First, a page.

The Appellate Division, Second Department, has held that a father’s application for sole custody and for supervised visitation for the mother, should not have been denied without a hearing, where the father had alleged that the mother operated a motor vehicle in a impaired state, posing a danger to the children.

In Nusbaum v. Nusbaum, the parties in 2011 had entered a so-ordered stipulation of settlement of their divorce action under which they were to share joint legal custody of their then 14-year-old twins. The father was awarded residential custody, with the mother having unsupervised visitation.

Here, the father had moved to modify the provisions of that stipulation so as to award him sole legal custody of the children and to suspend the mother’s visitation with the children, unless supervised. The father alleged, among other things, that the mother had operated a motor vehicle while impaired, endangering the children. The father also sought an order directing the mother to attend and complete programs in drug and alcohol rehabilitation and anger management.

Pending the determination of the father’s motion, the parties agreed to certain supervised visitation. Moreover, pending his decision on the father’s application, Westchester County Supreme Court Justice John P. Colangelo, in effect, issued a temporary restraining order prohibiting the mother from operating a motor vehicle with the children as passengers.

Ultimately, in an October 23, 2012 order, Justice Colangelo denied the father’s application without holding a hearing.

The father appealed. On December 17, 2012, the Second Department stayed enforcement of the order denying the father’s motion pending the determination of his appeal. The mother’s visitation with the children was limited to visits on two days per week, two hours per day, and the mother was prohibited from operating a motor vehicle with the children as passengers.

Deciding the appeal May 8, 2013 decision, the Second Department held that the father had satisfied his burden to show a subsequent change of circumstances so that modification may be required to protect the best interests of the children. Moreover, the appellate court held, it did not appear that Justice Colangelo possessed adequate relevant information to enable him to make an informed and provident determination as to the children’s best interest so as to render a hearing unnecessary.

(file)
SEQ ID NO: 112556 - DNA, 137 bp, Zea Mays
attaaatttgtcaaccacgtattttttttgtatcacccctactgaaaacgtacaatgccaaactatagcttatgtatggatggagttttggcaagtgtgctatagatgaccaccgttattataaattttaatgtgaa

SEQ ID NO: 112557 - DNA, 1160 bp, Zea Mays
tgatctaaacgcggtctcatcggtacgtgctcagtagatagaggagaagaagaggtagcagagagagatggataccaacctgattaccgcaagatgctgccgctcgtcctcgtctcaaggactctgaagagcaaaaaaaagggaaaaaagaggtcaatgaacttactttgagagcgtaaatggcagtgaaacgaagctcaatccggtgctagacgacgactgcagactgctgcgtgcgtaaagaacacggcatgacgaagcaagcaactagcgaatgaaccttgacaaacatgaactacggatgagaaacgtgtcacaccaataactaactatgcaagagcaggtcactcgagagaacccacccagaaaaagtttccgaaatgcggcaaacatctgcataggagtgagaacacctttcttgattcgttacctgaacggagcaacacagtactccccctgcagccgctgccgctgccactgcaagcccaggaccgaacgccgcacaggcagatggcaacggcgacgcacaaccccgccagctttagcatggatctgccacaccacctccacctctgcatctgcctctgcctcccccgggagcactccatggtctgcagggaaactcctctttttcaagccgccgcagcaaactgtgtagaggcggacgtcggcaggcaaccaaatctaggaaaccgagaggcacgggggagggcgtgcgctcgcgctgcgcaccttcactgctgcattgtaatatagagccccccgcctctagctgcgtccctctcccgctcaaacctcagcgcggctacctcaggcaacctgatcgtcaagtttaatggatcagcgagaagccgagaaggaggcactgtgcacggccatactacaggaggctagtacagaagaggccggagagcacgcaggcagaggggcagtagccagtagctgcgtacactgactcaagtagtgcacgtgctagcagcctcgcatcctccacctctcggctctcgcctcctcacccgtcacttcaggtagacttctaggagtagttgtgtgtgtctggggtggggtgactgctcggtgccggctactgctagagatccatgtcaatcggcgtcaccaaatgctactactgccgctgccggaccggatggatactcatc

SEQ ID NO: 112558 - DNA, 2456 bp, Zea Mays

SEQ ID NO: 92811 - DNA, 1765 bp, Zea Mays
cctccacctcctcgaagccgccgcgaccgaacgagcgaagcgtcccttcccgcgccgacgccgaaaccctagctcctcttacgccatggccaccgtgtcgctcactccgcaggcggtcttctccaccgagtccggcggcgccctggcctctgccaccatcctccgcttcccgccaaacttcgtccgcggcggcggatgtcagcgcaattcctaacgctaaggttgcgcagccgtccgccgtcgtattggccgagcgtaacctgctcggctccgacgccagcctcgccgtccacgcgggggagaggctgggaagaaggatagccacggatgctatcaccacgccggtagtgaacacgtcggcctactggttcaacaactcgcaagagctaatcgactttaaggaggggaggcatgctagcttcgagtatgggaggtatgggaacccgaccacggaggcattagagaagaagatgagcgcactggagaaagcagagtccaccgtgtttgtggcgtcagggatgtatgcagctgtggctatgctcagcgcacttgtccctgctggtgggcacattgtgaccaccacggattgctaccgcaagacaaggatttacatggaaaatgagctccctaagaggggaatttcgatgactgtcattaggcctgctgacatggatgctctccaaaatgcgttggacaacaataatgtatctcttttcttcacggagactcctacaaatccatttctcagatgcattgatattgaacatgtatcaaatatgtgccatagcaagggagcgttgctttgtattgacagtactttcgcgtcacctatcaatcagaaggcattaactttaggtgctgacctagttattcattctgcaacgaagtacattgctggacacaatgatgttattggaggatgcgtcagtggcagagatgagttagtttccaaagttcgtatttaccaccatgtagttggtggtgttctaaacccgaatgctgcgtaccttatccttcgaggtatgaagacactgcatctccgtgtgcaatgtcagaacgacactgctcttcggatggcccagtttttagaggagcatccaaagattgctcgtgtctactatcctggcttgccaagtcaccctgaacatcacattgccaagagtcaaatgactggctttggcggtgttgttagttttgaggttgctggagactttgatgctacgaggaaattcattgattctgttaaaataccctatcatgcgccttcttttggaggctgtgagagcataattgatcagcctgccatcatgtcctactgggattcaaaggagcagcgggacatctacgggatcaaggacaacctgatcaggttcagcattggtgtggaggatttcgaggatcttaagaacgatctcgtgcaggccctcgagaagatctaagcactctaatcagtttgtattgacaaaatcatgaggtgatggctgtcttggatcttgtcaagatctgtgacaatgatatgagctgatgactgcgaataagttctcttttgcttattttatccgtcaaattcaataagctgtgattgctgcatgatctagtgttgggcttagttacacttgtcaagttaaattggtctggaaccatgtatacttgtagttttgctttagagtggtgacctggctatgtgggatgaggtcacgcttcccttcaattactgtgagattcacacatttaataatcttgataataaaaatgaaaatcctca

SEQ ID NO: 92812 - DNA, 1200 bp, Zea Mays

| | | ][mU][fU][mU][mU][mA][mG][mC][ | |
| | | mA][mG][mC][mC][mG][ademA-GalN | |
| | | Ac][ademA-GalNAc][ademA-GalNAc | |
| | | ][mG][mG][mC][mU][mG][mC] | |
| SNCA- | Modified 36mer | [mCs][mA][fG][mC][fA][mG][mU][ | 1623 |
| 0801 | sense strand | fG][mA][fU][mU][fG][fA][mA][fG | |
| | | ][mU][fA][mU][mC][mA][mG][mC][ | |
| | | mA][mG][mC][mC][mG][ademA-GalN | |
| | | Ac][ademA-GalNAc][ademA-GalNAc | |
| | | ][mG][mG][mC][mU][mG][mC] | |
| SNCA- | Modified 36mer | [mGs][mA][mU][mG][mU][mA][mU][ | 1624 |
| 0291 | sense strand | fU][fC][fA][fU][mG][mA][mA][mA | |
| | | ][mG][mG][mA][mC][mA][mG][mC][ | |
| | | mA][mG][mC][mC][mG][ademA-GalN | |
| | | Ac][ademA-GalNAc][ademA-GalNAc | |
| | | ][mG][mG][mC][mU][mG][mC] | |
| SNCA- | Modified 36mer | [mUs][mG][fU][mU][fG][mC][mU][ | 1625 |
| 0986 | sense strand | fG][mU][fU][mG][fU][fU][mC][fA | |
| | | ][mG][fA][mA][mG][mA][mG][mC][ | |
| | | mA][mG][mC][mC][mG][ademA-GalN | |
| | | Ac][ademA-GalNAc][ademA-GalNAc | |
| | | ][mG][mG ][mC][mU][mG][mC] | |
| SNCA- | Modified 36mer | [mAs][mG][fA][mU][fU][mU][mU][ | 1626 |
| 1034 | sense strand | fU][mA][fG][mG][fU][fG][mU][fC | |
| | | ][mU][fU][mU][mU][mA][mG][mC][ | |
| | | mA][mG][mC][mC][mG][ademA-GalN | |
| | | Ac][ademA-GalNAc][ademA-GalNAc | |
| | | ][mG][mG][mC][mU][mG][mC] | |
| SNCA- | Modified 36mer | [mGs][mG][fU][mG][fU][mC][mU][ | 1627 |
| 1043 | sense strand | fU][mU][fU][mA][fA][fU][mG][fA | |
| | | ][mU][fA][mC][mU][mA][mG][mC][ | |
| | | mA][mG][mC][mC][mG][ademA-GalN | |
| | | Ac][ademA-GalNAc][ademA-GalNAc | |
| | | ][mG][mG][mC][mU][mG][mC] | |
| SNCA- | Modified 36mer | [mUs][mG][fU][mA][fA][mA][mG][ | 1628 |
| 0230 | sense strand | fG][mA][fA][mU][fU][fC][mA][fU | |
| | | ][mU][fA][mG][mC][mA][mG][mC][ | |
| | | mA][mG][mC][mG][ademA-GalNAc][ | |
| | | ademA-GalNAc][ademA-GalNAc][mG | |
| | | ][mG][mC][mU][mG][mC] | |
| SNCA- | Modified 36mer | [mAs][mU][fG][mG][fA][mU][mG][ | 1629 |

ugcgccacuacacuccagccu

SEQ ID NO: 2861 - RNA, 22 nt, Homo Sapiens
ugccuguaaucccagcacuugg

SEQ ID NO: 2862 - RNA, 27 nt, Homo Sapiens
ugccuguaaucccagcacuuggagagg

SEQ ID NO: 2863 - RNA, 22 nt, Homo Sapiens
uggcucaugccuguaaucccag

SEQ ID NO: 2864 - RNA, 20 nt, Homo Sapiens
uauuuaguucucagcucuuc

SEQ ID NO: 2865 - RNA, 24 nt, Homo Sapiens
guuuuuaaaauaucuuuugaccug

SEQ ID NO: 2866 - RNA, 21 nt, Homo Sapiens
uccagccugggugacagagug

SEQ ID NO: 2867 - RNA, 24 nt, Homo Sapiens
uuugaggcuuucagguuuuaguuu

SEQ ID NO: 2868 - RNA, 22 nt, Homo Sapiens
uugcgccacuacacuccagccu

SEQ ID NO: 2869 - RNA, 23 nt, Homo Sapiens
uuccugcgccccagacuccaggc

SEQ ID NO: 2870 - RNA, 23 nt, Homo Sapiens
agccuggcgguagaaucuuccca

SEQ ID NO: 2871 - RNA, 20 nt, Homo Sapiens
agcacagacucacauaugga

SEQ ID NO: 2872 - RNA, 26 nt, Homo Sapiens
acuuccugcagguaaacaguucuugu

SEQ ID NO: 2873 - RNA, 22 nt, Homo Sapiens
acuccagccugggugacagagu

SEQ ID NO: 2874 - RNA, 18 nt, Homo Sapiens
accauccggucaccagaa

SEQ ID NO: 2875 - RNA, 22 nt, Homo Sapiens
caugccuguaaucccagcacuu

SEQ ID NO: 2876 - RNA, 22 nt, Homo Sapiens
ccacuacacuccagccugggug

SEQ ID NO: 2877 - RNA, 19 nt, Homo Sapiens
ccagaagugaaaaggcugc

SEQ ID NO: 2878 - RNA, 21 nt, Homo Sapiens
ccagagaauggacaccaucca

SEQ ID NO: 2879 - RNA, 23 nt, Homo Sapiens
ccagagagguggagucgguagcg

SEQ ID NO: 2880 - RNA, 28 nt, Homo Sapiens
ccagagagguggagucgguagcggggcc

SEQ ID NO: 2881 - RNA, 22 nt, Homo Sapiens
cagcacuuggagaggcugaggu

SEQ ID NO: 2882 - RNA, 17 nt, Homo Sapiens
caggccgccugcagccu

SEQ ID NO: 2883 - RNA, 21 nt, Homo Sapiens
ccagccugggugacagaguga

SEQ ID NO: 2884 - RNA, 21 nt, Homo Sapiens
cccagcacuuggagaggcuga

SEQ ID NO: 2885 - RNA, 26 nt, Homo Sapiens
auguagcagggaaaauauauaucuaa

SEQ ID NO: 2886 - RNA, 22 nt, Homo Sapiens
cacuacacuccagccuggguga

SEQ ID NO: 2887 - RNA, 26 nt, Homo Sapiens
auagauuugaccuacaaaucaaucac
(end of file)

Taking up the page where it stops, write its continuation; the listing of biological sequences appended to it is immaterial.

Accordingly, the father’s motion should not have been denied without first conducting a full evidentiary hearing to ascertain the children’s best interests. The Second Department sent the case back for such a hearing. Moreover, the Second Department again directed that in the interim, and until further order of the Supreme Court, the mother’s visitation was to be limited to two days per week, two hours per day, with the mother prohibited from operating a motor vehicle with the children as passengers.

Joseph J.A. Tringali, Sr., of counsel to Lawrence G. Nusbaum, Jr., of New Rochelle, represented the father. Donna E. Arams of Harold, Salant, Strassfield & Spielberg, of White Plains, represented the mother.

Diary girl 2.jpgA father’s efforts to push his daughter into keeping a journal disparaging her mother and to be videotaped complaining about her mother caused his visitation to be both supervised and limited. The father’s stated intention to enhance his case that the mother was abusive to her daughter, which both the appointed forensic evaluator and the Court found was not the case, was not justification for the father’s poor judgment.

In her June 14, 2012 decision in Matter of A.H. v C.B., Queens County Family Court Judge Edwina G. Richardson-Mendelson, not only rejected a father’s efforts to expand his visitation, but further limited them.

The father alleged the mother’s abusive behavior towards their daughter constituted the change in circumstances necessary to alter existing arrangements. The father also sought to resume the liberal visitation that he had been informally allowed by the mother following the parties’ divorce. The parties’ 2003 divorce decree granted custody to the mother, but did not deal with visitation issues. As a result, a 2002 Family Court order providing for supervised visitation had remained in effect, although often not followed.

The father claimed that the daughter told him that the mother would call her “a jackass” and “stupid” and that in conversations with the daughter, the mother would disparage the father and his family. The father testified that he began to be concerned that the mother was mistreating his daughter through “verbal abuse” and by putting extreme pressure on the daughter to do well in school. He alleged that the mother slapped the daughter and abused her mentally and emotionally.

In 2009, the father gave his daughter a journal and encouraged her to write in it about her negative experiences with her mother. He also videotaped his daughter talking about her mother in a negative way.

Continue Reading Father Who Coerced Daughter into Making Anti-Mother Journal and Video Limited to Supervised Visitation